As I mentioned on Dec 1, mythology claims Teiresias worked in a bird observatory (oionoskopeion). Whether it was in Thebes or outside the city is a matter of some debate. And I’ve decided to go with Laurenberg’s placement – next to the Citadel.
A Song Heard in the Future*, the working title of my novel, uses Teiresias‘ Tower for many critical scenes. I am painting it as the home and headquarters of the Spartoi, the Seer’s grandfather and great uncles. It served as his tomb until (presumably) destroyed by Alexander the Great (335 BC).
My storytelling has been mainly as a raconteur and presenter before Leanna Renee Hieber encouraged me so effectively. In the past, more than a few of the tales I told were the plotlines of roleplaying games. I never quite left the hobby. A few years ago I became fascinated with paper model terrain and started making some models of my own.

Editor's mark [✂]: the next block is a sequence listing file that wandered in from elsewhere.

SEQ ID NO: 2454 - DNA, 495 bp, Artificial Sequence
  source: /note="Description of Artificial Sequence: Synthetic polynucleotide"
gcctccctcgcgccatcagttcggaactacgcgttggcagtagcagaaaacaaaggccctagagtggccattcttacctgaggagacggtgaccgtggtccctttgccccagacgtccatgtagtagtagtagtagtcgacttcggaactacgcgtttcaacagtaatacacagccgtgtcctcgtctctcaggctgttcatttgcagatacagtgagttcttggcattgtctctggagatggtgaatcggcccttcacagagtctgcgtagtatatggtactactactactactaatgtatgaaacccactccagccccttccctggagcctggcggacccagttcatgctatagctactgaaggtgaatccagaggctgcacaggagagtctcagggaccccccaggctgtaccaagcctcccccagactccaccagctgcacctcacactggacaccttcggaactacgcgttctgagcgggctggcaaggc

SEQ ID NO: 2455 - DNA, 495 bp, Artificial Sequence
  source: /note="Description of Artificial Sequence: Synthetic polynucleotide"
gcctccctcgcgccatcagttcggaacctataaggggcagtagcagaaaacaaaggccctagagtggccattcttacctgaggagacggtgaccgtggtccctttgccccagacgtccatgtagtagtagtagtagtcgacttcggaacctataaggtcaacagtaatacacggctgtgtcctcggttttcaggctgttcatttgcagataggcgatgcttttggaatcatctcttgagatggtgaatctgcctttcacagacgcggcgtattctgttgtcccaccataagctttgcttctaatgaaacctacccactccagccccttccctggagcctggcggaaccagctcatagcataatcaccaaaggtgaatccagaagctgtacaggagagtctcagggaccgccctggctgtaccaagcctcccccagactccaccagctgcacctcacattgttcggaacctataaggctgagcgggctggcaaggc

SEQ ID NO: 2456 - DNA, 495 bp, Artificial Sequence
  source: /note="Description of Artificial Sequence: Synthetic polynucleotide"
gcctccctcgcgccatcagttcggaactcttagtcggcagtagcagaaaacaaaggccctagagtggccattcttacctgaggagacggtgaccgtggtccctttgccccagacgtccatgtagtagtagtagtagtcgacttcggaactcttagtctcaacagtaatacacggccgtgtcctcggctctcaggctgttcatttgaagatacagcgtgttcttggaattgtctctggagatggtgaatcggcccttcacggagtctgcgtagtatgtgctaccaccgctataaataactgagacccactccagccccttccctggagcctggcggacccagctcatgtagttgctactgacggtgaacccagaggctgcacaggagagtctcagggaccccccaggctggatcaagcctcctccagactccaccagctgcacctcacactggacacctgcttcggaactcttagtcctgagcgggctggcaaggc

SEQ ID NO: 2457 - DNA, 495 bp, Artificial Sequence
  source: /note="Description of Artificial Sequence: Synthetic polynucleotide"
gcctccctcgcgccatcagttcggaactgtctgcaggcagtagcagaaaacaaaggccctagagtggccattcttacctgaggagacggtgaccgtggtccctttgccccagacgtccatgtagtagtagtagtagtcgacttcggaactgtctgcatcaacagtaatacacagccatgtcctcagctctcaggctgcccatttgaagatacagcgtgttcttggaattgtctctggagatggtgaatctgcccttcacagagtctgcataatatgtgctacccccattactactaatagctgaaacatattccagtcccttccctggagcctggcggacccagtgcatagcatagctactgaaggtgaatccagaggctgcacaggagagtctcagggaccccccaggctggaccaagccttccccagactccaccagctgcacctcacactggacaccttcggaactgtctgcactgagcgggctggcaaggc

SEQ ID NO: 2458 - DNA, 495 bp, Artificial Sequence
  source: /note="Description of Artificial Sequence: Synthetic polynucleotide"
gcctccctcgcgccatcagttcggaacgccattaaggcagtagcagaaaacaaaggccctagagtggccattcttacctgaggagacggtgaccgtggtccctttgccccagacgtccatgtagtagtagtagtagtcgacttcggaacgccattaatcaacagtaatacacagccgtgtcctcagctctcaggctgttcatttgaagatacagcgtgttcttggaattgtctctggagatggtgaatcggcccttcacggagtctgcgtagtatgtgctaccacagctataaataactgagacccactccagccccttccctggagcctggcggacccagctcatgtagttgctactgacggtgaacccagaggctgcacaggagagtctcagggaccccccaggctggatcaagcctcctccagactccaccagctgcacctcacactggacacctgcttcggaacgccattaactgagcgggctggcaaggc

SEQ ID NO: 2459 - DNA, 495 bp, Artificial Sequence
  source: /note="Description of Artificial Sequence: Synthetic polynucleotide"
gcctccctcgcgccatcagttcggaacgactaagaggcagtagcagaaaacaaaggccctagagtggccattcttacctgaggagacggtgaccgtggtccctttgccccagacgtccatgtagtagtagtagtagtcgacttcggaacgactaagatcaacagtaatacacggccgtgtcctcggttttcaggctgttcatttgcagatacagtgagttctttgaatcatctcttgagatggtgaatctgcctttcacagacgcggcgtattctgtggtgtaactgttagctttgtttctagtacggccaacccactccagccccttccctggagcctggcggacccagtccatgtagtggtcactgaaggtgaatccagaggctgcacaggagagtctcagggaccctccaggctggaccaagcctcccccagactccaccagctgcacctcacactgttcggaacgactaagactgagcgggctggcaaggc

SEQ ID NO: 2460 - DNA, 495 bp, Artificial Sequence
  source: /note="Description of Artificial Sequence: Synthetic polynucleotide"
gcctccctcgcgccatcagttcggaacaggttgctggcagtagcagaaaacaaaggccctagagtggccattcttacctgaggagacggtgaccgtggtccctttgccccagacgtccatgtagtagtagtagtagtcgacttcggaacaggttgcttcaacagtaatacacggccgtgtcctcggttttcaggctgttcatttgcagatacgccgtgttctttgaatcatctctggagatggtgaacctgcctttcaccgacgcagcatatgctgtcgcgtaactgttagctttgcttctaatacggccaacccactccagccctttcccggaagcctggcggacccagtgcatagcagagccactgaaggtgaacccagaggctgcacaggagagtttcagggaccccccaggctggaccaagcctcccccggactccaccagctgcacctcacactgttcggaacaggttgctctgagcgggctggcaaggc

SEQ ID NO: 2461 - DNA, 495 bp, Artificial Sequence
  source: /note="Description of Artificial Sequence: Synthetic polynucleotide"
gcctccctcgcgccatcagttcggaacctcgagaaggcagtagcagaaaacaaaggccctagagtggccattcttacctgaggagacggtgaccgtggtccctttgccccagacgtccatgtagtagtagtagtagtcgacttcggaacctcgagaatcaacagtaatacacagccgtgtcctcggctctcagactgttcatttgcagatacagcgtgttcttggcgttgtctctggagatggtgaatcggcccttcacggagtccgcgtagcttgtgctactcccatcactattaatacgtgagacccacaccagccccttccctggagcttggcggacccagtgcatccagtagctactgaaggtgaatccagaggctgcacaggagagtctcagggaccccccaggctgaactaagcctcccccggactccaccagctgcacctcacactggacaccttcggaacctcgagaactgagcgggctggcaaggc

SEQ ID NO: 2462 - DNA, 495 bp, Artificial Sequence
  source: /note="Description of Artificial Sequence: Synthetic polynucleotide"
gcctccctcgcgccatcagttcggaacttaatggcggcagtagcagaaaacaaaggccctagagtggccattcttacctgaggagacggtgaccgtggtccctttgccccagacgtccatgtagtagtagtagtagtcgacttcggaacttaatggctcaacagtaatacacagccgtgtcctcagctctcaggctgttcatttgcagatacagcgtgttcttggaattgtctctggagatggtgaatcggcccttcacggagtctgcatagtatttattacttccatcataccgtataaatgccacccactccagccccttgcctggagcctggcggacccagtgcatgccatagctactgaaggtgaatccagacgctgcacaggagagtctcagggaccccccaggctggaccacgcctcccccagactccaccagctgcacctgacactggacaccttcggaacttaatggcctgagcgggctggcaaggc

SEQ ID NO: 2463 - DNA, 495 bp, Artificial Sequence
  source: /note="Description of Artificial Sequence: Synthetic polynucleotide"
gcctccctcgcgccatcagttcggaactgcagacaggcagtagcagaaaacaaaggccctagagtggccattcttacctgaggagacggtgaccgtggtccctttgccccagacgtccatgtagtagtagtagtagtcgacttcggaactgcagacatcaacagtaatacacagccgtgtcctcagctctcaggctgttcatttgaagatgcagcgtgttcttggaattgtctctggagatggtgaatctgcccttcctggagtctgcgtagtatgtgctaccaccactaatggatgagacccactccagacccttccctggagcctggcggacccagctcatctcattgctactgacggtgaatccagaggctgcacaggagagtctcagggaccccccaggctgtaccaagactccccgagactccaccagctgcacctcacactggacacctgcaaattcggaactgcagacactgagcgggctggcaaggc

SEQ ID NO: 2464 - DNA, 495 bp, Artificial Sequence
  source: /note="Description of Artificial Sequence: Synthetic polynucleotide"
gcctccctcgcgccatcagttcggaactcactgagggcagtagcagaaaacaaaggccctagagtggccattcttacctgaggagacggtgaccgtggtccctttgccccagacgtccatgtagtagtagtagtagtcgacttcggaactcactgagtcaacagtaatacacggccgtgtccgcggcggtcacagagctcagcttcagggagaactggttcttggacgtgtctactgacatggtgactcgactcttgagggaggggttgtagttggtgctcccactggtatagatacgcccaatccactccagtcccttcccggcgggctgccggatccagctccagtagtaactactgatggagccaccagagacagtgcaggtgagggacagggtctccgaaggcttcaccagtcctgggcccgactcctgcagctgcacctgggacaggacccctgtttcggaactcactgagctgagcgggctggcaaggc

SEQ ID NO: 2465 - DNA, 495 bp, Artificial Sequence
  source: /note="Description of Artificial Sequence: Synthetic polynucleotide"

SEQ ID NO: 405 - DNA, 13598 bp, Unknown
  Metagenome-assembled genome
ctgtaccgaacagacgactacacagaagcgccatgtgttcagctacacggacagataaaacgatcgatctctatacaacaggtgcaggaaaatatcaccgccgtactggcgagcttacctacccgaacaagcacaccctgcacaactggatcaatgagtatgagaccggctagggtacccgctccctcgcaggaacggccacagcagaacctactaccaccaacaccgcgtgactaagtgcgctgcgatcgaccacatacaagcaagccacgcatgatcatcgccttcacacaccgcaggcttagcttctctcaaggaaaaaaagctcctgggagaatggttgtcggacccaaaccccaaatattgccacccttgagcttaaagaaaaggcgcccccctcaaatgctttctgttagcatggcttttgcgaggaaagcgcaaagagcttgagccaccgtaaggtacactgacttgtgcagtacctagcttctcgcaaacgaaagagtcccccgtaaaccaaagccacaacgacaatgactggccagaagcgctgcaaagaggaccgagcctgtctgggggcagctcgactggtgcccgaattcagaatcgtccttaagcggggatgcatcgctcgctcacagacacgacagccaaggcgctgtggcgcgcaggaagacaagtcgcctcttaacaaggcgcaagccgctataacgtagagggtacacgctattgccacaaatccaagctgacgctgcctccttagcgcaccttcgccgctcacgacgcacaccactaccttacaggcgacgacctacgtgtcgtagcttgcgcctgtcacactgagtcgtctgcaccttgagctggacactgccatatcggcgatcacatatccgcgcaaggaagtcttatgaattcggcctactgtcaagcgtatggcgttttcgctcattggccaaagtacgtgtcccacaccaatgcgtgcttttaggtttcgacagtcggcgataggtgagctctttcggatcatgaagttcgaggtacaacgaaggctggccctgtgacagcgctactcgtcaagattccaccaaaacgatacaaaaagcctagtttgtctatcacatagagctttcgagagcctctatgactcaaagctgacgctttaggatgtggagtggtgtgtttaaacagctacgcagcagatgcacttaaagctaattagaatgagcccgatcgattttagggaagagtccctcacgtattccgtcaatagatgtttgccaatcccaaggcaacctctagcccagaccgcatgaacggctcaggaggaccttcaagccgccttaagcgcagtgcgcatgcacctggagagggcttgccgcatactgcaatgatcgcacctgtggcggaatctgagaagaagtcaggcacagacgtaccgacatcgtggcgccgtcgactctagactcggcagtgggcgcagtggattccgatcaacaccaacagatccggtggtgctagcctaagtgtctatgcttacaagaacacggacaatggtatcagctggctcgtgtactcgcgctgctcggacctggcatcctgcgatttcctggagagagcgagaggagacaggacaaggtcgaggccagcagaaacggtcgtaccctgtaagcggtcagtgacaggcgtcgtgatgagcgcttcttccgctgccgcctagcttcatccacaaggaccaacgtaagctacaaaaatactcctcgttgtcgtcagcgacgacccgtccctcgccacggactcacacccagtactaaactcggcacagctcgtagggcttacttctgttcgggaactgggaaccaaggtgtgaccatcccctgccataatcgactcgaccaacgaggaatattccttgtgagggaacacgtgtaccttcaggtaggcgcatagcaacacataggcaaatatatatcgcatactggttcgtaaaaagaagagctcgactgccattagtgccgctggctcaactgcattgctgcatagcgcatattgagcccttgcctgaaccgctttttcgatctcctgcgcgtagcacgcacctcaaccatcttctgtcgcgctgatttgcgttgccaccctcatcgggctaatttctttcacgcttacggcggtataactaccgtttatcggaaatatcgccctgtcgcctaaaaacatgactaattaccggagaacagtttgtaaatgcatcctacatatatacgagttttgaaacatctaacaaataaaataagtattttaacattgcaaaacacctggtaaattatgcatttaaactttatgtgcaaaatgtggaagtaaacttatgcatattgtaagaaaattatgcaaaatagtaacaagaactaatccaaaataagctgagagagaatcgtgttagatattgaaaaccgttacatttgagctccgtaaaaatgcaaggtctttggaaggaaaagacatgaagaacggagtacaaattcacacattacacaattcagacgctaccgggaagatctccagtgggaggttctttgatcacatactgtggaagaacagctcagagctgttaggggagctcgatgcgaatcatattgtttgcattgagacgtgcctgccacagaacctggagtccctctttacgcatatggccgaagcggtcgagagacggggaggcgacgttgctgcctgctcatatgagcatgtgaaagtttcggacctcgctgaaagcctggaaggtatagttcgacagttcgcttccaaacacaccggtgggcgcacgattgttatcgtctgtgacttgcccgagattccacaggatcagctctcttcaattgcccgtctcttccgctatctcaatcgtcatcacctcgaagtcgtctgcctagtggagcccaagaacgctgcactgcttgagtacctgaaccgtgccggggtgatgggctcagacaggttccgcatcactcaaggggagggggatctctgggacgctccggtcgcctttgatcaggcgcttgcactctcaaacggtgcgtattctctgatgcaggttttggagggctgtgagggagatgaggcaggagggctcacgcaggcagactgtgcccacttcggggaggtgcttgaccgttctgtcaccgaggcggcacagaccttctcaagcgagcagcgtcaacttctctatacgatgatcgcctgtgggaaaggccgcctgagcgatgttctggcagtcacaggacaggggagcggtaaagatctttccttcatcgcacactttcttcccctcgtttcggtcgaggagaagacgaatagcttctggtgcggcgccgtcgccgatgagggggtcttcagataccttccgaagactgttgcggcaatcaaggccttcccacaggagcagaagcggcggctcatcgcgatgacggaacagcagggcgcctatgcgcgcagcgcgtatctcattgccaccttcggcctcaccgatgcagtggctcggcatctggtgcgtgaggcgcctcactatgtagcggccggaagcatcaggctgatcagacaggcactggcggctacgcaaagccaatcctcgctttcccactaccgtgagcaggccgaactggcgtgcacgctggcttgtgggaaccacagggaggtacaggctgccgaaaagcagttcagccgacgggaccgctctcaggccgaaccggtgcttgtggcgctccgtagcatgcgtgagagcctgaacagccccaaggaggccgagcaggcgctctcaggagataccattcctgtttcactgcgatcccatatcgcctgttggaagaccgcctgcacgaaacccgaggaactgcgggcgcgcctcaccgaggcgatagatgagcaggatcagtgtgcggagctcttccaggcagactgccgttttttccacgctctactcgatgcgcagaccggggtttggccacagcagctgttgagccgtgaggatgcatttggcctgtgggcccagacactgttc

I can handle two birds with one stone – in mapping out Teiresias‘ home and making the paper model kit. When finished, the model will stand about 8 inches tall. If it turns out well, I’ll be selling the kit to gamers.
While writing this post and determining what title it should have, I remembered an old “joke” of mine regarding prayer and how frequently it seems to go unanswered. Imagine that muttering aloud about a wallet temporarily missing during the morning routine counts as a prayer. There could be millions of such distractions in a single day – worldwide. That could eat up a lot of time for addressing more important petitions to the Divine.
It likely won’t be in Song but I can imagine Teiresias might be asked, “Where will I find [missing item]?”
* The title is a quote from Lord Alfred Tennyson’s poem, Tiresias.